The suspension of several property funds recently is one of the most striking material events to have hit the financial services sector following the Brexit vote.
It caught a number of investors by surprise and no doubt some advisers. It will probably not be the last panicky action by financial providers, but I suspect most of the suspensions of funds will be lifted in the near future.
The suspensions have, however, highlighted how key property, both commercial and residential, is to national well being and investor confidence.
There are already signs of a slowdown in the residential property market and predictions of more challenging times ahead for commercial property.
Many readers will say, well there were a lot more effects of Brexit and indeed there were and we probably have not seen the last, but the stock markets have rallied and the pound has steadied. As far as I know, trading was not suspended in equities or the pound. For most investors the wobbles, at least for the time being, are over.
Given the dramatic suspension of some property funds (and I will deal with issues around open-ended funds later), it might be expected that financial advisers will have been inundated with anxious clients calling them, fearing financial catastrophe.
I know many have received a few calls, but the expected flood did not materialise. This may well have been down to markets steadying quicker than expected, but it may also be due to other factors too.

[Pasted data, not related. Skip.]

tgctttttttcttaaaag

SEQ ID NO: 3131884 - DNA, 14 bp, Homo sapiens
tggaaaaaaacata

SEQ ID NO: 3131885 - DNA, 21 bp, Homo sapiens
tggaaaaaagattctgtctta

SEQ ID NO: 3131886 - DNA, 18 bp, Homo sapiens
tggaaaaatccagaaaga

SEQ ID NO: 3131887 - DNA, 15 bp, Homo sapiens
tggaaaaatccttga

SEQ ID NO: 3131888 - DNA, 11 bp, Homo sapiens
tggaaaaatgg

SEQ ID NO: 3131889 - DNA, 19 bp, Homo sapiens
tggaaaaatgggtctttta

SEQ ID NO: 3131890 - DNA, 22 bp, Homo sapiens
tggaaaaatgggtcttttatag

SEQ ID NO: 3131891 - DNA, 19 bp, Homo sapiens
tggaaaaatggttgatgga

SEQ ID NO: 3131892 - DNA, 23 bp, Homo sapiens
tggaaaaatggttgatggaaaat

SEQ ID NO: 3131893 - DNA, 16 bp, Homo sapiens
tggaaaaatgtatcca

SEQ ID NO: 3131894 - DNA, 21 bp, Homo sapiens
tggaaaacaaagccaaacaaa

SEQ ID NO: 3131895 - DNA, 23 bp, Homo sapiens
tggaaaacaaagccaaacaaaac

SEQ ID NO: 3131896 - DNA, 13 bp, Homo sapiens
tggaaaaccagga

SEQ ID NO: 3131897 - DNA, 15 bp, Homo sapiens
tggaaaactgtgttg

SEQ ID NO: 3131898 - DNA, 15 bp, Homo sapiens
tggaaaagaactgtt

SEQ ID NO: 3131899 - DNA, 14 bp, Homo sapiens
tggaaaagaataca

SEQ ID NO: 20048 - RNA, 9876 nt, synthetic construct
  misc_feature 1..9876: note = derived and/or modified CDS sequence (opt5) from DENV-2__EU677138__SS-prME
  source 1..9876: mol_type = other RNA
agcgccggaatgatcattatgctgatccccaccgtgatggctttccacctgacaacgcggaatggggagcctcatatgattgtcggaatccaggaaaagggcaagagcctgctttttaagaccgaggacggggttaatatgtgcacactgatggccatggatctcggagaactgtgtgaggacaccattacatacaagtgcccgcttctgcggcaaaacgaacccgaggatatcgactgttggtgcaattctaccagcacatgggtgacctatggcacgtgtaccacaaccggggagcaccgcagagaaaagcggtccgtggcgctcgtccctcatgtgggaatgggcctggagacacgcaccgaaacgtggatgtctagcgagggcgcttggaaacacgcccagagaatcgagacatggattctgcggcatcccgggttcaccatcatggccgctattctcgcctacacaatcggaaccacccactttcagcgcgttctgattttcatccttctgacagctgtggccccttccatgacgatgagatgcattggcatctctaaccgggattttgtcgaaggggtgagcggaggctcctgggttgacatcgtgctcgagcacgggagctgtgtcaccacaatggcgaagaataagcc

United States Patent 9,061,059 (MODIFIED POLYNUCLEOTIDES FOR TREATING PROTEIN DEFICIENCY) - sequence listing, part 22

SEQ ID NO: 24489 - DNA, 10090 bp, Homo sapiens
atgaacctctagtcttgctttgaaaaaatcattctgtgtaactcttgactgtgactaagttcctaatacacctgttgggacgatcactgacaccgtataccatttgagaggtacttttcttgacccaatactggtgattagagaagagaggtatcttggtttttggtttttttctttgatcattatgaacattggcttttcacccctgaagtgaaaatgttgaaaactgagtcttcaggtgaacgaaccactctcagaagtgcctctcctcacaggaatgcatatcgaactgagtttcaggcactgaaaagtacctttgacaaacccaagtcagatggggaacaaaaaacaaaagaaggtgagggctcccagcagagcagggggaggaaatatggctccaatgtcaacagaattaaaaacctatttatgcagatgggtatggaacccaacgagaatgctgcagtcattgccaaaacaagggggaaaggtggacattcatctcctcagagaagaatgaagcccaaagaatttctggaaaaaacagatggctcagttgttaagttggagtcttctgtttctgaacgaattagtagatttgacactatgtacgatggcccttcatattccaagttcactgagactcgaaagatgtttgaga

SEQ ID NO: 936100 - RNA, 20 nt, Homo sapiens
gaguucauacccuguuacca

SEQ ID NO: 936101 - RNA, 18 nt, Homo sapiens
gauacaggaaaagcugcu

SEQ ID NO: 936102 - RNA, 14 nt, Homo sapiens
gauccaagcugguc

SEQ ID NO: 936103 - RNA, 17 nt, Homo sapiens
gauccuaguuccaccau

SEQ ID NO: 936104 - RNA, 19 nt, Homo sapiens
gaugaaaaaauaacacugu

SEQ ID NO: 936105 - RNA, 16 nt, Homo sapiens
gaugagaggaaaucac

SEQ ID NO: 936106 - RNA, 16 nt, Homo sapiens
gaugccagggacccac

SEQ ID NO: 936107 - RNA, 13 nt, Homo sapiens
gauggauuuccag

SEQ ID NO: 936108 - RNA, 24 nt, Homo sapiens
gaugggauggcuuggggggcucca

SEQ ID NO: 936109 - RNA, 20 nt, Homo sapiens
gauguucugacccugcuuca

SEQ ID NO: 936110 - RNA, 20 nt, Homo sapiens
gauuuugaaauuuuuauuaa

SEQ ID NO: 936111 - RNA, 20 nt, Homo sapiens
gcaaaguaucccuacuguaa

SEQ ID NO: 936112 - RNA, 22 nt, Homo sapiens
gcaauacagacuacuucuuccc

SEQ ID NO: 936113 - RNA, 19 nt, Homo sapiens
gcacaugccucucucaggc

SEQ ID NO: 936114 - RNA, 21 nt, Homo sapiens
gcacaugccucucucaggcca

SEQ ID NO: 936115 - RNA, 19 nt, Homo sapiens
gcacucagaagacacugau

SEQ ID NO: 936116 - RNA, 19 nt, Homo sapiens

Some recent research I saw asked advisers why they thought clients had not inundated them with calls and the answer, in most cases, seems to have been that advisers got in first with the bad news, actively messaging clients with communications.
These provided both reassurance to clients, underlining the fact that they were on the case. These communications also answered most clients’ questions.
For this we have to thank modern communication such as email, texting and social media. All pretty much instant these days and now integral tools for most advisers.
We also have to thank the change in the nature of advisers brought about by regulatory momentum. Back in the bad old days of commission-driven sales, clients were seen as sales targets, to be ‘flogged to’ once and then forgotten.
I remember many IFAs in those times telling me they had 2,000 or more clients. In reality they were just buyers of a policy or investment plan and to be called ‘clients’ was stretching the meaning of the word.
Today, clients are seen as customers to be cherished and, vitally, kept informed. No client likes to be kept in the dark and to those advisers who went to great lengths to keep their clients up to speed with the momentous changes we witnessed, I offer you a pat on the back. For those who did not, perhaps your communication process might need some updating.